As the Environmental Working Group showed in its Meat-Eater’s Guide to Climate Change and Health, animal products produce a lot of greenhouse gases. Lamb, beef, cheese, and pork are the worst. When I was a vegetarian, I ate a lot of cheese. But I went vegan in 2011, the year the EWG published this report. It’s hard to believe that environmental and social-justice groups still serve meat and cheese, often with few or no vegan options. Frankly, it makes me think they aren’t serious about working toward their stated goals.
Eating Plants Can Make a Big Difference
Researchers Dr. Kim Nichols and Seth Wynes asked the question:
What can one person in an industrialized country do about climate change?
They found that eating a plant-based diet is among the high-impact actions, including having one fewer child, living car free, flying less, switching from an electric car to car-free, and buying green energy. Click to see the whole infographic from their study, including medium- and low-impact actions such as recycling, hanging clothes to dry, and changing light bulbs.
[Data from Wynes, Seth, and Kimberly A Nicholas. 2017. “The Climate Mitigation Gap: Education and Government Recommendations Miss the Most Effective Individual Actions.” Environmental Research Letters 12(7). DOI: 10.1088/1748-9326/aa7541. I edited the image above for size, based on the original image by Catrin Jakobsson.]
Project Drawdown closes its description of plant-rich diets this way:
As Zen master Thich Nhat Hanh has said, making the transition to a plant-based diet may be the most effective way an individual can stop climate change.
The Solutions Surround Us! Let’s Save the World!
We are in a climate crisis. We can take action to literally save civilization and reduce the vast amount of suffering ahead. The terrific news is that we already know how to do it. We just need the political and personal will to do it. If you get overwhelmed, remember that how you get food and what you eat can help cool the Earth. How you eat also shows others that you are taking our situation seriously. If you worry about talking with friends, family, and co-workers about this, remember there are so many solutions that almost everyone can find ways to help.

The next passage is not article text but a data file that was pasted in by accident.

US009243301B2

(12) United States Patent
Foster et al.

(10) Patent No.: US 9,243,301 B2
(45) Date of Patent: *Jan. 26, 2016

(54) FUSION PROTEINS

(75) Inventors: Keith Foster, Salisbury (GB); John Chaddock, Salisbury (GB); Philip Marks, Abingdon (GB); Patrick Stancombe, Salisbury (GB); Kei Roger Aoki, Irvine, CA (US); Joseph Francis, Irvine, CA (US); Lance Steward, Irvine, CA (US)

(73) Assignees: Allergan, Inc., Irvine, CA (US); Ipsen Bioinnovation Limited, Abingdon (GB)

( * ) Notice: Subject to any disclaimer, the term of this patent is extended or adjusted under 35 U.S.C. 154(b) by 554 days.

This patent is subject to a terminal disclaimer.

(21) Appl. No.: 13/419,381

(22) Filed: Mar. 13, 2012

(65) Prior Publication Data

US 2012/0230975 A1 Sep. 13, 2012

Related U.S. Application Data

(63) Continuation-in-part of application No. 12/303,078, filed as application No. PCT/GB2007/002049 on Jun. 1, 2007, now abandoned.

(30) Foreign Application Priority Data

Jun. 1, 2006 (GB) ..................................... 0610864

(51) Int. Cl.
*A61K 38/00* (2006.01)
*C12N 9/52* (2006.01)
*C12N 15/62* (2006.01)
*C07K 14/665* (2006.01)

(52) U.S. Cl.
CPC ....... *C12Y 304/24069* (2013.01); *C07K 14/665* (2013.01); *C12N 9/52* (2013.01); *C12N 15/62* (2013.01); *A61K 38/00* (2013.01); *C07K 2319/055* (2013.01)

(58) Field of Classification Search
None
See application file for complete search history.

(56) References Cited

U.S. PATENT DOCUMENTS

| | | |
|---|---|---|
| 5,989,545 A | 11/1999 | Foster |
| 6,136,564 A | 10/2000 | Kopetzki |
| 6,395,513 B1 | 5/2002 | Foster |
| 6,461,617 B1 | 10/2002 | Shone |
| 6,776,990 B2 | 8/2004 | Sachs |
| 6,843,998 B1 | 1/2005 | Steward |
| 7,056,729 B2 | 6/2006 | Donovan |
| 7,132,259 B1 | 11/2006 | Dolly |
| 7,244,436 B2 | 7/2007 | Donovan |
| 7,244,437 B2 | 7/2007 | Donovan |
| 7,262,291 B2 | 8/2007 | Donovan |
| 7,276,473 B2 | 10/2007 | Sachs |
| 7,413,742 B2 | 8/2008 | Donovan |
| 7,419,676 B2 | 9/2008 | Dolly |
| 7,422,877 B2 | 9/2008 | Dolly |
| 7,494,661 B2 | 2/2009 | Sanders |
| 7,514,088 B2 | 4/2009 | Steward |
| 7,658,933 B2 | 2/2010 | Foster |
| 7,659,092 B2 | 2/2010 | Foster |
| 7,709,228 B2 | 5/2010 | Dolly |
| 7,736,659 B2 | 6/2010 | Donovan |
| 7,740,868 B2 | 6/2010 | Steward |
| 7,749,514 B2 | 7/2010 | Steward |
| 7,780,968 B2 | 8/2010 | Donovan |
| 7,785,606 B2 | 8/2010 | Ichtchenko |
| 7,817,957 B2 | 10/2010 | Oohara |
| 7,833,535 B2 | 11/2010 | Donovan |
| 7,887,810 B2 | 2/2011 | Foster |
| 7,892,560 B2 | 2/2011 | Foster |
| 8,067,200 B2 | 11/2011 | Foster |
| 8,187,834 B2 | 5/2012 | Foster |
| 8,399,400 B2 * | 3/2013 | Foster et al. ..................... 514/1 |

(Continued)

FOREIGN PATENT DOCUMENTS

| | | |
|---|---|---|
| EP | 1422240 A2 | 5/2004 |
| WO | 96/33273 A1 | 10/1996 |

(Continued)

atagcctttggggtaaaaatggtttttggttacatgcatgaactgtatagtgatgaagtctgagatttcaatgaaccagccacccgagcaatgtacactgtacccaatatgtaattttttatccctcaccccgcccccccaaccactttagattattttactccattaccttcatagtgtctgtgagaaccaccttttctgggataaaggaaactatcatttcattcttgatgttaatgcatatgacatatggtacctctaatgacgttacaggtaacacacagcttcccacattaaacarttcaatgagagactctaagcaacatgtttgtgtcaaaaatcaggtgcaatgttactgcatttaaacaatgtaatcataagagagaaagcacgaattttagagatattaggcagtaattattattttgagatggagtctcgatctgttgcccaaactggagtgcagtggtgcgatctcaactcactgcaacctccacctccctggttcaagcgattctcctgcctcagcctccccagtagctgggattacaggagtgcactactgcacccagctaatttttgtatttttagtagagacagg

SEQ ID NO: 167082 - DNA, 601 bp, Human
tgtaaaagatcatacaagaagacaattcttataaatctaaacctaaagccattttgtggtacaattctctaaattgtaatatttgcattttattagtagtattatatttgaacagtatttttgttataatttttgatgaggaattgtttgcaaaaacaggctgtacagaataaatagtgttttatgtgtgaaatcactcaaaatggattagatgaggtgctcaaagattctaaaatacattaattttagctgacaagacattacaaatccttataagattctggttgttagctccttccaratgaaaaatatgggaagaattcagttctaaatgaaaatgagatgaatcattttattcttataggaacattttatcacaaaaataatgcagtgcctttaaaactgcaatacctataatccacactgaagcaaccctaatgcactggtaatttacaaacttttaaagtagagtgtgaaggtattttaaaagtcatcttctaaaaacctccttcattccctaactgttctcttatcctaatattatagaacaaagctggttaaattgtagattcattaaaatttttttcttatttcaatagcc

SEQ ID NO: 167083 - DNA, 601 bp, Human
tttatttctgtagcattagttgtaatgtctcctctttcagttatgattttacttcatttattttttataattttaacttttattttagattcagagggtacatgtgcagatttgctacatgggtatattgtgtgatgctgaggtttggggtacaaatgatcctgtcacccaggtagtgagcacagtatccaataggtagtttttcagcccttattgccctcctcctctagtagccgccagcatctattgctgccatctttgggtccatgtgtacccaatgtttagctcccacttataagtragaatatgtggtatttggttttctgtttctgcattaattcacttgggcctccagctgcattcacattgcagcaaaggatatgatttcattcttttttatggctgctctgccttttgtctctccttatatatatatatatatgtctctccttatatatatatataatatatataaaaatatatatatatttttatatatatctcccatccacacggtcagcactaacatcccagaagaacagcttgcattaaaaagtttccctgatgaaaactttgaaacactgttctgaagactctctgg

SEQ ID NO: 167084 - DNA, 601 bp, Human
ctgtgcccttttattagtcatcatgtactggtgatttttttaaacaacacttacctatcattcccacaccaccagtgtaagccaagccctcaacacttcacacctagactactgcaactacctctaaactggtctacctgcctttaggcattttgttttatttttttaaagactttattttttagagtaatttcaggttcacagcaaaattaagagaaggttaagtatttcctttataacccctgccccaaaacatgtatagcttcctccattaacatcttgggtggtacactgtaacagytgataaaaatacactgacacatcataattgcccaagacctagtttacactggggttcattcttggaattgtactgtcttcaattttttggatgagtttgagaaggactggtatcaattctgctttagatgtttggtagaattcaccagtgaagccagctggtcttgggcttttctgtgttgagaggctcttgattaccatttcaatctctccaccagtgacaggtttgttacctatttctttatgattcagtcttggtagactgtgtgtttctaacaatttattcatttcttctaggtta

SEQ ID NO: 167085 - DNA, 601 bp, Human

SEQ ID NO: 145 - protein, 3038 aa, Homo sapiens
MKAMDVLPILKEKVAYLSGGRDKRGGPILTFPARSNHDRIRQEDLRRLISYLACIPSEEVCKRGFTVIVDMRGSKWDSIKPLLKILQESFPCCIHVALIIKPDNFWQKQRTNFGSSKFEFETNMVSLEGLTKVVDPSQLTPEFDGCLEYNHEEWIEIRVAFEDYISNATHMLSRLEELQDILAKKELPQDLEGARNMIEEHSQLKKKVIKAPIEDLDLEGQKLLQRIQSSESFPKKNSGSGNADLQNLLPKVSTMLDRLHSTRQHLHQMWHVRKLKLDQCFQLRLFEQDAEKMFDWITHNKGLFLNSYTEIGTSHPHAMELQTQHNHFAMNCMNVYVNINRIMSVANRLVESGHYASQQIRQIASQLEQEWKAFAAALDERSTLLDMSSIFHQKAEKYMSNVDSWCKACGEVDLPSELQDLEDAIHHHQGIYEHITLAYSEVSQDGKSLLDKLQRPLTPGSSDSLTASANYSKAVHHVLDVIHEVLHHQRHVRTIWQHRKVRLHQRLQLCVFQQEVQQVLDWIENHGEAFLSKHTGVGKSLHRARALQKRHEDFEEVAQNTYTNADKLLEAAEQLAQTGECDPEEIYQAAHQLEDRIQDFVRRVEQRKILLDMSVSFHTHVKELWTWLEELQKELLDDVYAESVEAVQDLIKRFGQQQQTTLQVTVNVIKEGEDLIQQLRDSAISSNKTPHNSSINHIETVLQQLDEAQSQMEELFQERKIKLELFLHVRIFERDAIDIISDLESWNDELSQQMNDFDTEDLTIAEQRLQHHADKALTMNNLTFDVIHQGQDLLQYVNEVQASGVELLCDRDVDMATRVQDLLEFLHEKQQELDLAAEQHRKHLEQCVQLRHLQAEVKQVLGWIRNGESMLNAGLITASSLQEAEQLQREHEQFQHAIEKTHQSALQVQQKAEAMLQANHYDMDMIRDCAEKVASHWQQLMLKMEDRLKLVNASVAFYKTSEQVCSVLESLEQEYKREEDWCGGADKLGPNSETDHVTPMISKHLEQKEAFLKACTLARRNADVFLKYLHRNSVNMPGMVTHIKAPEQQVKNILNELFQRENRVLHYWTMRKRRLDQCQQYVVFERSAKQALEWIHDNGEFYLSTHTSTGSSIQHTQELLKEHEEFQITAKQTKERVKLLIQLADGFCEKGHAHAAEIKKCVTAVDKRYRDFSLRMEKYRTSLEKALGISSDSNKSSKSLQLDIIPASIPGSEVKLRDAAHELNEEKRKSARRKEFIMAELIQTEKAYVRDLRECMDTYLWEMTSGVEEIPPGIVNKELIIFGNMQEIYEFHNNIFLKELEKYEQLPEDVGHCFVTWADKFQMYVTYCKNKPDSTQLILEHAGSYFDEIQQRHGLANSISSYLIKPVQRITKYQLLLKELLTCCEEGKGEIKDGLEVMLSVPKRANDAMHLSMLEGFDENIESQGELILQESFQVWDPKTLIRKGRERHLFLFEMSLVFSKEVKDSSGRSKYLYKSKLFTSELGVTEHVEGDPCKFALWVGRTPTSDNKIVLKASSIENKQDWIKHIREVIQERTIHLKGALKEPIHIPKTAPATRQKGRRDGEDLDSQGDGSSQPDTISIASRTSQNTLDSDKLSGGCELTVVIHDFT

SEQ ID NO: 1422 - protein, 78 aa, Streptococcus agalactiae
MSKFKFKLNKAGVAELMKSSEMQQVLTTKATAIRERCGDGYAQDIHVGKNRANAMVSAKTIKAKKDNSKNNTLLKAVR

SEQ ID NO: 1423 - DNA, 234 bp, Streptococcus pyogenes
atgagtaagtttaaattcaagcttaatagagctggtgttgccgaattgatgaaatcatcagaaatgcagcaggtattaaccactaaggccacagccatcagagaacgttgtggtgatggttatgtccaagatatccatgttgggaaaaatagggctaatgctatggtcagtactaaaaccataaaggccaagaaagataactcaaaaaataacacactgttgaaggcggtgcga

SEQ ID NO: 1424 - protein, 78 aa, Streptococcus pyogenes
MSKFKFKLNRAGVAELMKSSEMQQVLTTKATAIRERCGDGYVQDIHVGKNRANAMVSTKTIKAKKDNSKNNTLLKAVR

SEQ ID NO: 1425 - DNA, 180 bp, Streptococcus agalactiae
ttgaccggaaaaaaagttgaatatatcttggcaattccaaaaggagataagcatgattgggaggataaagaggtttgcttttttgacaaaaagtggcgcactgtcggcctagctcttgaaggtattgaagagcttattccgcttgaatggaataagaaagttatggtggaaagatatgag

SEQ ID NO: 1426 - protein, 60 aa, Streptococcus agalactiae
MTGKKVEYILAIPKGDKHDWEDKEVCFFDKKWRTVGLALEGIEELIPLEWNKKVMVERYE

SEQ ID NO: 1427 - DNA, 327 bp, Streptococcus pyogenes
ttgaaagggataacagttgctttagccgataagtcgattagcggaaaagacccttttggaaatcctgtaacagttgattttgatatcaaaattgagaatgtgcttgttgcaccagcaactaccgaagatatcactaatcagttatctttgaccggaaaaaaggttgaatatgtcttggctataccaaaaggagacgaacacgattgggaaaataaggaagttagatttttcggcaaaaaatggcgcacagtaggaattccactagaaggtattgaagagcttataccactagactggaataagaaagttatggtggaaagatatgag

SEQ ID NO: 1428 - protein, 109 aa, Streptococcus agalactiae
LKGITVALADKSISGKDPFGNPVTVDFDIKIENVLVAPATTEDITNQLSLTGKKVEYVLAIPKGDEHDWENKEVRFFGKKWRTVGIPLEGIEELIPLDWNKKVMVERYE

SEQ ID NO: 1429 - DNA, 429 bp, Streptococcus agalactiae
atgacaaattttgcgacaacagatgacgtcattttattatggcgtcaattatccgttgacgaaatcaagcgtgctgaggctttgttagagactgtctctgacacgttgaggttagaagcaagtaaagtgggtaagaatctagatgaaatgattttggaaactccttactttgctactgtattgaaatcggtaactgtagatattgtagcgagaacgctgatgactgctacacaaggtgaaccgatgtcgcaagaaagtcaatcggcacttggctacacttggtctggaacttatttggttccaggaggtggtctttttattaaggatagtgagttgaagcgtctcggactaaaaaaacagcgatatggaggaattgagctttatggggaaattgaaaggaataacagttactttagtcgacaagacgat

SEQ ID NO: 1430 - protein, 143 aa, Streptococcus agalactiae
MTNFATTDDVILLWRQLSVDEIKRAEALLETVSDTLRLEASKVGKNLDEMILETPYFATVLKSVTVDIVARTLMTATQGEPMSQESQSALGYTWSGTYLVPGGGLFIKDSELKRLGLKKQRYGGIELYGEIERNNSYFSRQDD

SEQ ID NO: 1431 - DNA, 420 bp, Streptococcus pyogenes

As Camille and I say in our workshops: from fear and despair to hope and action!
For more information
- Find all the Project Drawdown solutions, details about the process, and updated information on the official Drawdown site.
- Take the Pachamama workshop Reversing Global Warming: Introduction to Drawdown online or in person. I’m thinking about offering one online for Cook for Good readers. Let me know if you would be interested. If you live in North Carolina, consider joining our Pachamama RTP Facebook group.
- Watch the recordings of last month’s international conference: Research in Action, the Science of Drawdown.
- Find out more about getting rid of refrigerators, freezers, and air conditioners, including what your community can do to minimize the damage. (Note: the link goes to a copy of the an old EPA website page. Tragically, the current administration has taken down many valuable pages of research results paid for with our tax dollars. Thanks to the many people who saved versions of these valuable resources.) That’s because the greenhouse gases that make refrigerators, freezers, dehumidifiers, and air conditioners work are so much more powerful than CO2. If you replace one of these appliances, make sure the old, inefficient one is removed from the grid and disposed of properly. If it needs repair, act promptly.
- Find loads of information on the Cook for Good website about cutting food waste and eating a plant-rich diet. Of course, check out my free vegan recipes. If you enjoyed this post, consider joining Cook for Good for access to the Supporters’ Recipe Library and to help me continue helping people save money, eat well, and make a difference.